Godwin Tsa, Abuja
The Abuja division of the Court of Appeal will tomorrow (Monday) deliver it’s verdict in the appeal brought by the All Progressive Congress (APC) seeking to reverse the judgment of the Taraba State Governorship Election Tribunal, which affirmed the re-election of Governor Darius Ishaku of the Peoples Democratic Party in the March 9, 2019 governorship poll in the state.
Already, there is mounting tension in the state among supporters of the APC and the Peoples Democratic Party, ahead of the judgment.
This is demonstrated by their large turn up in Abuja where the judgment will be delivered.
A three-man panel of the tribunal led by Justice M.O. Adewara had in a unanimous judgment of September 20, 2019, dismissed the petition by the APC and it’s candidate, Abubakar Danladi on the grounds that the petitioners failed to prove their claims that the election was marred by irregularities and substantial non-compliance with the Electoral Act.
The tribunal further held that Danladi was not qualified to contest the March 9 governorship election.
It would be recalled that before the March 9, 2019 governorship election, the Federal High Court sitting in Jalingo, Taraba State, had disqualfied Danladi and equally restrained his political party, the APC from Fielding him as a governorship candidate.
Attempts by Danladi to overturn the order of the Federal High Court that disqualified him were unsuccessful at Court of Appeal and Supreme Court respectively.
Following the above development, the petitioners had on July 10, 2019, withdrew the petition on ground of the disqualification of Abubakar Danladi by the Supreme Court and the petition was accordingly disimissed.
However, on July 13, 2019, the petitioners filed a motion and prayed for an order setting aside the order of dismissal and asked that the petition be relisted.
The tribunal on August 9, 2019 granted the petitioners motion, set aside the order of dismissal of the petition and same was relisted, thereafter, Danladi ceased to participate in the proceedings.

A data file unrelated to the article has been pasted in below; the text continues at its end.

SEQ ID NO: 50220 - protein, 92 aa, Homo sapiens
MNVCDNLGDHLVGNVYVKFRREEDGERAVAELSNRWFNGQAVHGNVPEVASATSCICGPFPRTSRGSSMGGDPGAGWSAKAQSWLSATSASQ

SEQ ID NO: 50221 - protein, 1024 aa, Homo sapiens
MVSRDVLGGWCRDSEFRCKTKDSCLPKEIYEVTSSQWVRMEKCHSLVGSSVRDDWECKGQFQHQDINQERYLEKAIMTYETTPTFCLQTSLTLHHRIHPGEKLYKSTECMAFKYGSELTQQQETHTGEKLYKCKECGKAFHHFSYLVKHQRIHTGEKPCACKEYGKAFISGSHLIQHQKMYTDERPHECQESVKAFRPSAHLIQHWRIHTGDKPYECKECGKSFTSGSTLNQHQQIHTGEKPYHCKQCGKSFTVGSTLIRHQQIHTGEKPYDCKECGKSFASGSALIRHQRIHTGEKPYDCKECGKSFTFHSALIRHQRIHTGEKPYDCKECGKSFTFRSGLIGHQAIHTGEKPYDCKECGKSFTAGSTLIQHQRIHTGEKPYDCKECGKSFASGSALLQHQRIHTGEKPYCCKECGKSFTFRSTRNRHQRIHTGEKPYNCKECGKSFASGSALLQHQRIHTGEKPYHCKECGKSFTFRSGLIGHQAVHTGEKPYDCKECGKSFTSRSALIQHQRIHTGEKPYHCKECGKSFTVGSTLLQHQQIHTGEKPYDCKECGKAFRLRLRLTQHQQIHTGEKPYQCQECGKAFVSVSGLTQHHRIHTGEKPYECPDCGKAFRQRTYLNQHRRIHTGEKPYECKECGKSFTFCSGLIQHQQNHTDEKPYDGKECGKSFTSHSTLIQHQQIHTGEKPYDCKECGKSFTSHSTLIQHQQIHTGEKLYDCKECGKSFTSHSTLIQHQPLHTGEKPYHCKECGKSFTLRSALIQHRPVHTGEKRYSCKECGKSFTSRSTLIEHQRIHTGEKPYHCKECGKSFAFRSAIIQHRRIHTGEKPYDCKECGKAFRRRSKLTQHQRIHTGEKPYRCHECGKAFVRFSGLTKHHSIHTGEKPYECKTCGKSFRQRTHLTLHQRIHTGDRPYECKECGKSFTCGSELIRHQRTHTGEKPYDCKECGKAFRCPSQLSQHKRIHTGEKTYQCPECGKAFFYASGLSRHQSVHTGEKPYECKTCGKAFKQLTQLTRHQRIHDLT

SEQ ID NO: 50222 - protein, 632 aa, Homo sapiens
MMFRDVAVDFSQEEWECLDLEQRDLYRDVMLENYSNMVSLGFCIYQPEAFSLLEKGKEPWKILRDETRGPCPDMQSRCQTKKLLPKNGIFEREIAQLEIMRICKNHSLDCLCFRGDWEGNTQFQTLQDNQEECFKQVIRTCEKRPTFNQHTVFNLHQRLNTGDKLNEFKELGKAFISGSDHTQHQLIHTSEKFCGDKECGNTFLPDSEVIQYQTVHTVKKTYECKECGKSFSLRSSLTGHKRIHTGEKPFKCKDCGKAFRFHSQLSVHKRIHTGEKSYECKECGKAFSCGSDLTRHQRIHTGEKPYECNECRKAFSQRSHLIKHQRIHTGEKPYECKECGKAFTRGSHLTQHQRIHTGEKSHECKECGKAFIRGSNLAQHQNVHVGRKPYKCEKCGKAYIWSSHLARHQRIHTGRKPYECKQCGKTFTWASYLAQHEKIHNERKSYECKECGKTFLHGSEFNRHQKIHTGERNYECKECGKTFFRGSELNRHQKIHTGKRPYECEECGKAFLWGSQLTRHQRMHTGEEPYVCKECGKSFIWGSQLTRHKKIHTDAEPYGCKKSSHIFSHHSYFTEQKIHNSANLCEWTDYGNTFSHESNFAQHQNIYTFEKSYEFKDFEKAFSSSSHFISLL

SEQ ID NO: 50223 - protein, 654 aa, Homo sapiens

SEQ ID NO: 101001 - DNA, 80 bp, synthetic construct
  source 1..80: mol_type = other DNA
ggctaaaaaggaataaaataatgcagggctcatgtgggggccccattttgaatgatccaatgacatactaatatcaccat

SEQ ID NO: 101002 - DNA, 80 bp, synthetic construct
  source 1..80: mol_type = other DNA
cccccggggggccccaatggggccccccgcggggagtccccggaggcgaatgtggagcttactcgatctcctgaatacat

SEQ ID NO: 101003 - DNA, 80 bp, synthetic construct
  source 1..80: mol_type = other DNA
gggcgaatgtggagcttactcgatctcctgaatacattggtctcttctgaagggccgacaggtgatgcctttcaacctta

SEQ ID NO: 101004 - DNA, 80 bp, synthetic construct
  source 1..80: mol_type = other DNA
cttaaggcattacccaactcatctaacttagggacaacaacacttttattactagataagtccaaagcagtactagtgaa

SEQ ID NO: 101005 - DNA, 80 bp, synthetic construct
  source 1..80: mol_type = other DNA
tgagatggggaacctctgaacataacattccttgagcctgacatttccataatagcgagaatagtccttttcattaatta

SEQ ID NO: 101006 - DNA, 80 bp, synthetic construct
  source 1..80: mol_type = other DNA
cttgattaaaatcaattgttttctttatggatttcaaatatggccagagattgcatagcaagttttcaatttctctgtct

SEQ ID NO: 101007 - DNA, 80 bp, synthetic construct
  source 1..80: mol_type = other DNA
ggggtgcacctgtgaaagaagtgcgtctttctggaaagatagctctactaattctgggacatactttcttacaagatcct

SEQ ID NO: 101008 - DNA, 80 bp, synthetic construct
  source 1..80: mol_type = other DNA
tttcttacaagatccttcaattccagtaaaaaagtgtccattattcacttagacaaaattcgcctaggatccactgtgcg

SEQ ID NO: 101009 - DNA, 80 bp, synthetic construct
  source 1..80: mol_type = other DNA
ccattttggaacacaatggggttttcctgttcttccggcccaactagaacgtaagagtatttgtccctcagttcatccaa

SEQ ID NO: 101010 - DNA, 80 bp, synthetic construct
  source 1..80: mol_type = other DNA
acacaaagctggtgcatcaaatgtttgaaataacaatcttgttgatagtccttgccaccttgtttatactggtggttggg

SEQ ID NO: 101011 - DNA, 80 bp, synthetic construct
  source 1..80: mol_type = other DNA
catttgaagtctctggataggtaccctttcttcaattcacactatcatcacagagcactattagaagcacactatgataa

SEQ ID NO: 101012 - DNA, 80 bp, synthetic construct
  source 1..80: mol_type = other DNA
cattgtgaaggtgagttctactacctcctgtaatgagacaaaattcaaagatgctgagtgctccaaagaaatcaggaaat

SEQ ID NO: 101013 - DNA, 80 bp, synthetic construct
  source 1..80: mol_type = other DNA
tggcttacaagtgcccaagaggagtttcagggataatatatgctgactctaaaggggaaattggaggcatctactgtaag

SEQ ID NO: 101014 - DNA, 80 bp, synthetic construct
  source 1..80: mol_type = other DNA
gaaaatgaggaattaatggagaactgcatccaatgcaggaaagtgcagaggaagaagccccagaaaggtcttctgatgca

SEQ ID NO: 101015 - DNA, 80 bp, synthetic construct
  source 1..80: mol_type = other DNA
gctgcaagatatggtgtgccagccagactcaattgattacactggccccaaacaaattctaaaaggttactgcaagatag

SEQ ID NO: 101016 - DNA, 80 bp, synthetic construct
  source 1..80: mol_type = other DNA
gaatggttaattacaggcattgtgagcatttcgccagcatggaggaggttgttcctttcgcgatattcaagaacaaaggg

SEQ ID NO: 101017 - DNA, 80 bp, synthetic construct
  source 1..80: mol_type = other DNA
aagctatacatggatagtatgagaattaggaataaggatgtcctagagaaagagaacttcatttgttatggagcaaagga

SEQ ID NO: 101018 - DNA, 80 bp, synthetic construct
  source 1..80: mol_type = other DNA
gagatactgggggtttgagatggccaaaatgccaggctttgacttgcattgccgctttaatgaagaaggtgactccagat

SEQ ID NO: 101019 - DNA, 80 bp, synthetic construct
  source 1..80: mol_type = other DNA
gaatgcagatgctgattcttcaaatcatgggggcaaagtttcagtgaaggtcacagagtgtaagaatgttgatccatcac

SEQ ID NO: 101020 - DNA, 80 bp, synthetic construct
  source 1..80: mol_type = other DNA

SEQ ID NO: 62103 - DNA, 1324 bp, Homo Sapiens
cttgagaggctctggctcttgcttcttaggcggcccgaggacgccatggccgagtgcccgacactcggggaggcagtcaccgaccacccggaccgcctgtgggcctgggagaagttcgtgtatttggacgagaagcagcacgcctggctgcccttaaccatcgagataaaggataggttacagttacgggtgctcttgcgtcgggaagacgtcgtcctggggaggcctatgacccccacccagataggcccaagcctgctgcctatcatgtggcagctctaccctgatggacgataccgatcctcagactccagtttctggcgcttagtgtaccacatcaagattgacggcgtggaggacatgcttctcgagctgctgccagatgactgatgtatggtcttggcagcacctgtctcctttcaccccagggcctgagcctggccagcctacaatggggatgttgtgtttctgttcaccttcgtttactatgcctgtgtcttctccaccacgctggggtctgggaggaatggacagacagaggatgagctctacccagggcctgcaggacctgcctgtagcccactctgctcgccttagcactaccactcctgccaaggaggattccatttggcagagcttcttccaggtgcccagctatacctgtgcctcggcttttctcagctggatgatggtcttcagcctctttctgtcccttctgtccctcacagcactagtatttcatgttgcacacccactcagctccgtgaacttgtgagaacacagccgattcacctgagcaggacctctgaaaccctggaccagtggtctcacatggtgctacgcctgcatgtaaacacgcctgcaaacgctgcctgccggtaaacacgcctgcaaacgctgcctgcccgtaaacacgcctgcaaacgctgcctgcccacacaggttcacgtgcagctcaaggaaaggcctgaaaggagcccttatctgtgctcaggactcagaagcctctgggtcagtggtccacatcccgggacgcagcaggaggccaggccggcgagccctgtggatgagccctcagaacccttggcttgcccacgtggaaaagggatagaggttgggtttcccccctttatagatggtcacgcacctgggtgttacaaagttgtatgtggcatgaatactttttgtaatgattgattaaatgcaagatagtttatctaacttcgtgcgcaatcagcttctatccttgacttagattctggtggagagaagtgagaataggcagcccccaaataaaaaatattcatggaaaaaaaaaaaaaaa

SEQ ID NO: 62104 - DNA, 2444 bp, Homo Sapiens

Delivering it’s judgment after close of hearing, the tribunal held that a Federal High Court in Taraba State had given a judgment on March 6, 2019, in a suit marked FHC/JAL/CS/01/2019, disqualifying Danladi from contesting the election.
It noted that the affirmation of the judgment by the Supreme Court implied that the APC had no valid candidate in the election.
Besides, the tribunal explained further that even if the petition was to be considered on the merits, the petitioners failed to lead sufficient evidence to establish their claims that the governor was not validly elected by a majority of lawful votes.
Dissatisfied with the judgment of the tribunal, the All Progressive Congress, without it’s candidate, Danladi, approached the Court of Appeal marked CA/A/EPT/934/2019, on October 3, 2019, in petition No: EPT/TR/GOV/01/2019, for an order setting aside the decision of the tribunal.
Meantime, the Peoples Democratic Party (PDP) has urged the Court of Appeal to dismiss the appeal with punitive cost as same is frivolous and unmeriterious.
The party in it’s brief of argument filed by it’s counsel, Chief Solo Akuma (SAN) noted that the appeal by the APC did not include the name of it’s candidate, Danladi as a person who would be directly affected by the outcome of the appeal.
Citing several case laws, Akuma argued technically, that a party to a suit is not allowed to unilaterally alter a case as constituted from the trial court and that names of parties must be maintained on appeal except as may be ordered by the court.
He submitted that, the unilateral alteration of the parties in the petition, as shown on the face of the notice of appeal, without the name of Danladi, who was the first petitioner at the tribunal renders the said notice of appeal incompetent and liable to be struck out.
Akuma specifically drew the attention of the Court of Appeal to it’s decision wherein it held thus: “It is now trite law that an appellant or a party seeking to appeal as an interested party cannot rearrange or reconstitute the parties to an action as constituted in the lower court at appellate court. The parties on record at the lower court must be retained at appellate level…the structure of the parties cannot by unilaterally changed or amended by any of the parties to an appeal.”
On the merit of the appeal, the PDP urged the Court of Appeal to hold that the appeal lacks merit and should be accordingly struck out.
The Court of Appeal is expected to give judgment tomorrow after the adoption of briefs of arguments by counsel to parties in the appeal.